Hidden Portside actually published the concept in early 2020, and it went on to win several industry accolades, including second place in the Rossinavi Design Challenge and being shortlisted for the Concept Over 40 Meters Award in The International Yacht and Aviation Awards 2020. In May this year, the studio announced that the project was “closer to becoming a reality” thanks to a partnership with Italian shipyard Rossinavi.
So what exactly is this intriguing design that, according to the headline, comes to disrupt all previously held notions of space on board a yacht? “Naboo represents another lifestyle, in which sustainability is a mindset, preserving the beauty and elegance of the past while relying on the innovation of the future,” Hidden Portside says in a statement to Boat International.
Named after the bountiful planet of the same name from the Star Wars universe, Naboo the superyacht is flush with greenery. The idea might seem strange – trees at sea, who needs them?! – but it’s one that’s slowly catching on with yacht designers and which will most likely make the transition to reality soon. Naboo’s three decks are connected by a large vertical garden, which starts at the beach club, inside the 95-square-meter (1,022-square-foot) Inner Patio, and ends two decks above. There is no sundeck here because solar panels take up the space.
Another way in which Naboo disrupts space is by overthrowing expectations. For instance, spaces that should be enclosed, like the mid-ship lounge and beach club, are exposed, and spaces that should be open, like the rear deck, are enclosed. This and the flowing, sinuous lines both inside and out create a most striking silhouette.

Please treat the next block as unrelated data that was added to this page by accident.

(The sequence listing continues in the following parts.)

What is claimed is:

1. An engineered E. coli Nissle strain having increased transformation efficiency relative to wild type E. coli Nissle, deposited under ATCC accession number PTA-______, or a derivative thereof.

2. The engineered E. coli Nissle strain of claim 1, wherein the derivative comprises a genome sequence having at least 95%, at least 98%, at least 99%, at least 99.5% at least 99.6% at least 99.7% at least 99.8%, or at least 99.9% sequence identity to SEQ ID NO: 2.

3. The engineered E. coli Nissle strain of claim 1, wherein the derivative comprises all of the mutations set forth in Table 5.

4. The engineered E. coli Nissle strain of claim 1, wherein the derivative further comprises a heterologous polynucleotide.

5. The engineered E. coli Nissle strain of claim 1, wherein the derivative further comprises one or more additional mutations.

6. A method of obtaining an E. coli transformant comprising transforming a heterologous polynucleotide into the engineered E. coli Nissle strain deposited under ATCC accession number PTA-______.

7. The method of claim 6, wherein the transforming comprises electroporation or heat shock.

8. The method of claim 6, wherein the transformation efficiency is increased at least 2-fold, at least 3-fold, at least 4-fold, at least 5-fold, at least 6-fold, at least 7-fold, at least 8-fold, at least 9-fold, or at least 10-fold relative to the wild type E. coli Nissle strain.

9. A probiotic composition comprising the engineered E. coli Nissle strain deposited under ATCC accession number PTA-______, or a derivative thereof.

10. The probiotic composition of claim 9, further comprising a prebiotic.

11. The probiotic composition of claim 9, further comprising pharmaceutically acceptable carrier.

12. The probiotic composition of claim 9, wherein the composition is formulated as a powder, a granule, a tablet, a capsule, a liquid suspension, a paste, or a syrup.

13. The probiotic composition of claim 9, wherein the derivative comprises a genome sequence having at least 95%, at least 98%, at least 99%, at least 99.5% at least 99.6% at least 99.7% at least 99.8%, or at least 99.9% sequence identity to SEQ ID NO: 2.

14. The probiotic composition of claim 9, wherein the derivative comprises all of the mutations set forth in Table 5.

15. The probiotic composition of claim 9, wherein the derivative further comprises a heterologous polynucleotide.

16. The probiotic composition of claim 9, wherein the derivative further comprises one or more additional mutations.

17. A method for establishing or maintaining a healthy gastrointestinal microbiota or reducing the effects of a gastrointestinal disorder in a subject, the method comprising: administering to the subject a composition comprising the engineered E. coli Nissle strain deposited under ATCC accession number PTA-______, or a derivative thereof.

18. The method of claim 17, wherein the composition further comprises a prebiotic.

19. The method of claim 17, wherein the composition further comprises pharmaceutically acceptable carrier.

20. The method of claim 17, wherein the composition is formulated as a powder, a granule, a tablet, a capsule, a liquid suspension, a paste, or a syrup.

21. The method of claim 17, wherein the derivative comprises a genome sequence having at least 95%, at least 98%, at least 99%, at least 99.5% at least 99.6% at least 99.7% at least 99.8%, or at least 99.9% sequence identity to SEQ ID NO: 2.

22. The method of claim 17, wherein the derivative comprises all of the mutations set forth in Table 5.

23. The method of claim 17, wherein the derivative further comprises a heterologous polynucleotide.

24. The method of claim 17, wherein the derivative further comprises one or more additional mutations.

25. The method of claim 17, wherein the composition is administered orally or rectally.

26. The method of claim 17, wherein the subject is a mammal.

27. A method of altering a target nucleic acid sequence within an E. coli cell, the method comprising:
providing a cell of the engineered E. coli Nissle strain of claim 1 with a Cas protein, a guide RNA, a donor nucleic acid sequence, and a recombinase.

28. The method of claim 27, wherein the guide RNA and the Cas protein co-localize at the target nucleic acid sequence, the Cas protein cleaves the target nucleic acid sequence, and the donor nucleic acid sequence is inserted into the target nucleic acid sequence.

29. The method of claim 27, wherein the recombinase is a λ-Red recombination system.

Accommodation on board is for ten guests in four VIP suites and the owner’s suite, with a crew of eight housed in quarters below deck. A separate galley is available here for the exclusive use of the crew.
As noted above, Naboo is designed with a focus on sustainability and incredible amenities: we’ve only covered the latter so far. As for the former, it’s achieved through electric propulsion, for one. Despite its size and seemingly ample volume, Naboo can sail without a carbon footprint, since it’s powered by electric motors, with solar panels on the sundeck to top up the batteries while under sail.
Sustainable materials will be used throughout the build, when and if it’s ever undertaken: recycled aluminum and synthetic teak for the hull and superstructure, and the deck. Air conditioning use will be mitigated through PCM (Phase Change Materials), smart materials in the interior walls that emit or absorb heat epending on the atmosphere temperature. Ultra-reflective metallic paint on the superstructure will also help reflect heat, regulating interior temperature.